Your favorite spring training clichés, translated and explained
Baseball tends to lend itself to more clichés than a direct-to-DVD movie, and with good reason. It starts here, in spring training.
Of course, the modern athlete is more in-tune than ever with understanding the ramifications of his or her words, meaning almost every soundbite will include at least one cliché.
Translation: “You need to calm the hell down. It’s spring training.”
It’s pretty awesome when you can hit home runs like Eric Thames, but also get on base enough and be fast enough to steal bases like Jose Altuve. Altuve was just six homers away from going 30-30 this past season, so in short, it’s awesome to be Jose Altuve.
So, can Ramirez do it? Let’s look at some historic precedent. Ramirez is going to be playing his Age 34 season this year. Nobody older than 32 has gone 30-30, which makes sense given that speed is one of the first tools to erode with age. Not even Barry Bonds, who stole quite a few bags before he became the size of a small mountain, was able to go 30-30 after his 33rd birthday. Ramirez was 24 when he had his 30-30 campaign in 2008. He last stole 20 bases in 2012, and hasn’t been in double-digits since before signing with the Red Sox. You can see where this is going.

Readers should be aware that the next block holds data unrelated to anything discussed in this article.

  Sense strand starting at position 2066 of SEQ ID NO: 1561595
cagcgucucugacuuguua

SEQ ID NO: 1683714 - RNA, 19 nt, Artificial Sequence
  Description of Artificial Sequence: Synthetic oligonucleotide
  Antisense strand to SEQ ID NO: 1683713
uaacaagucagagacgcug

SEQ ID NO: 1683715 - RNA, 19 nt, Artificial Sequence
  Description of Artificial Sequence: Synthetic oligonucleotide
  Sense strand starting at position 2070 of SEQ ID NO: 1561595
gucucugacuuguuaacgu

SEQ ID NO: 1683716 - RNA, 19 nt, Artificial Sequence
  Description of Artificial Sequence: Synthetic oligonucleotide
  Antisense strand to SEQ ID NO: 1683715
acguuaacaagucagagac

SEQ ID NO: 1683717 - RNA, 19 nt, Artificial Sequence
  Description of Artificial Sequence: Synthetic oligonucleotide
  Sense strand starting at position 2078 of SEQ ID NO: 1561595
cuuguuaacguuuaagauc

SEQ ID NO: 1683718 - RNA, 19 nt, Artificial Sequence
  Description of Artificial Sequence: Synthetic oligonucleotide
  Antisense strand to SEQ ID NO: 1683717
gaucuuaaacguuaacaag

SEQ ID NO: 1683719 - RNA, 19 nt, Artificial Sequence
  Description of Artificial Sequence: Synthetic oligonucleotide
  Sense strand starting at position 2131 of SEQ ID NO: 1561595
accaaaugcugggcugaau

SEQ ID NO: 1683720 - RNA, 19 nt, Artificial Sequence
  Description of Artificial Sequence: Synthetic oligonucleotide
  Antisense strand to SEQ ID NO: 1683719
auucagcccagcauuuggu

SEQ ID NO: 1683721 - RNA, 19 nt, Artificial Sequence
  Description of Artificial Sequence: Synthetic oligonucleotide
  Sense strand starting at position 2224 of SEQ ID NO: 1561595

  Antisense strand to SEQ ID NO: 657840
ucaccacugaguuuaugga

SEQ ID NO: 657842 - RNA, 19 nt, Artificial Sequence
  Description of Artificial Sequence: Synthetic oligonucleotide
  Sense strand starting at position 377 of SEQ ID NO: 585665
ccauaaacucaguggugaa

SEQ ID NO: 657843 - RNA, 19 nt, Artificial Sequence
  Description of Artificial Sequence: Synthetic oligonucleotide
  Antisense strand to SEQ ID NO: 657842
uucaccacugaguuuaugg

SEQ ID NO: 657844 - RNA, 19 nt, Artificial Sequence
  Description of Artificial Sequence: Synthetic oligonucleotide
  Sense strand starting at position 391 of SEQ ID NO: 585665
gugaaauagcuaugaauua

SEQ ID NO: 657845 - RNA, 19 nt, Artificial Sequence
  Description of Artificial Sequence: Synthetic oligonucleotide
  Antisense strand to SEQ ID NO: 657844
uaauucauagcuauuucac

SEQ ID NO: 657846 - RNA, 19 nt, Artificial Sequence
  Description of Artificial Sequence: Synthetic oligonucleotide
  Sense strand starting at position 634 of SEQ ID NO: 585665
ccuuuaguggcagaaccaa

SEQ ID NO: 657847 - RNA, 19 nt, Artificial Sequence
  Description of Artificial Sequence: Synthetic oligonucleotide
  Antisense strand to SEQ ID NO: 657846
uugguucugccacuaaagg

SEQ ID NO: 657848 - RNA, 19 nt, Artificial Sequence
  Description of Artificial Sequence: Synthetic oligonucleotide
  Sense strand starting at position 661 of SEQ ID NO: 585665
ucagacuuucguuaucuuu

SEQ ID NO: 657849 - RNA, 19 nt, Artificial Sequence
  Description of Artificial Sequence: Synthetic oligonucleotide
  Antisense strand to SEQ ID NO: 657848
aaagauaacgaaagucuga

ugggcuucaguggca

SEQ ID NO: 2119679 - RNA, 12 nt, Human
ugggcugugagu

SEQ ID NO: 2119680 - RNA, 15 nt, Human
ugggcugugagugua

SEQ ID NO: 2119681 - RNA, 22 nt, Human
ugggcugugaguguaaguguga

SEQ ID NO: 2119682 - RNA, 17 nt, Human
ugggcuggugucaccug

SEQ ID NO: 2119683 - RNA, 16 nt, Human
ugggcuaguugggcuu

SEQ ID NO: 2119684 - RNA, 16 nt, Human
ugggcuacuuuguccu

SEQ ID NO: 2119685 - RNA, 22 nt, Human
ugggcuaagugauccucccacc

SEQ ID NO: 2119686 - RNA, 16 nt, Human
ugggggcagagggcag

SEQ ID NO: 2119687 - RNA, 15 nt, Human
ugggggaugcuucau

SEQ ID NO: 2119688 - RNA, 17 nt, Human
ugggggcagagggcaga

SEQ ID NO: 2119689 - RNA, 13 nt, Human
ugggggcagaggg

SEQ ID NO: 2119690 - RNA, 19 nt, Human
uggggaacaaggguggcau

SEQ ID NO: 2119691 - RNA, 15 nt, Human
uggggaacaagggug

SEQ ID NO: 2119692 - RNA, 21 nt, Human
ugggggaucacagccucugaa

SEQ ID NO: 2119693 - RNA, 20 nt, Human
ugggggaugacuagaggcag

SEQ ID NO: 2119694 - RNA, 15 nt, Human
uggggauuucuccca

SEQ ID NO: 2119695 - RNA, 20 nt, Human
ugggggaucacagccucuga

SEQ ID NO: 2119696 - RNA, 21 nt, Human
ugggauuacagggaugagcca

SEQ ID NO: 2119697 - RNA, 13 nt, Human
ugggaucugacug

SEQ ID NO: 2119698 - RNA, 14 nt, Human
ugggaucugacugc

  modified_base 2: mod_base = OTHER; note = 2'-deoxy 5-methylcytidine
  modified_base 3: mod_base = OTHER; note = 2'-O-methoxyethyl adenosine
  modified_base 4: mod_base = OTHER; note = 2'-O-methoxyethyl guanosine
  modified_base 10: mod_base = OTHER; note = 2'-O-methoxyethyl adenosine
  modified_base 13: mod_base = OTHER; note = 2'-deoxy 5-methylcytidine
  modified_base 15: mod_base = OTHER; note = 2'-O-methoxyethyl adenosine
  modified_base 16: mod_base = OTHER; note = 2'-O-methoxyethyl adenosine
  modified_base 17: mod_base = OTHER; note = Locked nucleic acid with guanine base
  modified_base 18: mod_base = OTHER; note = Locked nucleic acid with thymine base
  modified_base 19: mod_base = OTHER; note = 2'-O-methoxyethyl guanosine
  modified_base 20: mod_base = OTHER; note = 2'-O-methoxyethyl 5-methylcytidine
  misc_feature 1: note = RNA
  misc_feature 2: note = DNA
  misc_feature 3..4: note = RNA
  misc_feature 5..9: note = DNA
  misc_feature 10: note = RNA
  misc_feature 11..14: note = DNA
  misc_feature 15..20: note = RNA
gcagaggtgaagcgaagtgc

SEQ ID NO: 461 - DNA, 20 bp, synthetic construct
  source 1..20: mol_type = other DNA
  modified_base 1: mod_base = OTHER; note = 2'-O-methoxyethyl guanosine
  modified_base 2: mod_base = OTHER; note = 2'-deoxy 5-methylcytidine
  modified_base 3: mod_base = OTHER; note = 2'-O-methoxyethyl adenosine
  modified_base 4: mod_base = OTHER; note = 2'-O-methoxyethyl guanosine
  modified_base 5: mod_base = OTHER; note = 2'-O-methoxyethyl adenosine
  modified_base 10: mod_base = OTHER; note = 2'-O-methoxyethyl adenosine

Sources: Nationals first-round pick Seth Romero was sent home from spring training this morning. A club spokesman said Romero violated club policy. Unclear as to how long he will be gone or the specific policy violated.
The Nationals looked past those issues to make him the 25th pick in last year’s MLB Draft, projecting that he could be ready for the majors as early as this season, though he finished 2017 at short-season Single-A. He is considered among the top handful of prospects on a team that has been lacking in left-handed pitching.
According to the Post, how long Romero will be exiled isn’t clear, but as of now he isn’t taking part in spring training.
Finally, DRS uses run expectancy to determine how many runs a saved base at a position is worth: for a shortstop, this factor is around .76. To convert from bases saved to runs saved or bases allowed to runs allowed, multiply bases saved or bases allowed by that factor. In this example, Simmons is responsible for .9375 times .76 or .71 runs saved if he makes the play, or -.50 times .76 or -.38 runs if he can’t make the play, and allows the runner advance to second.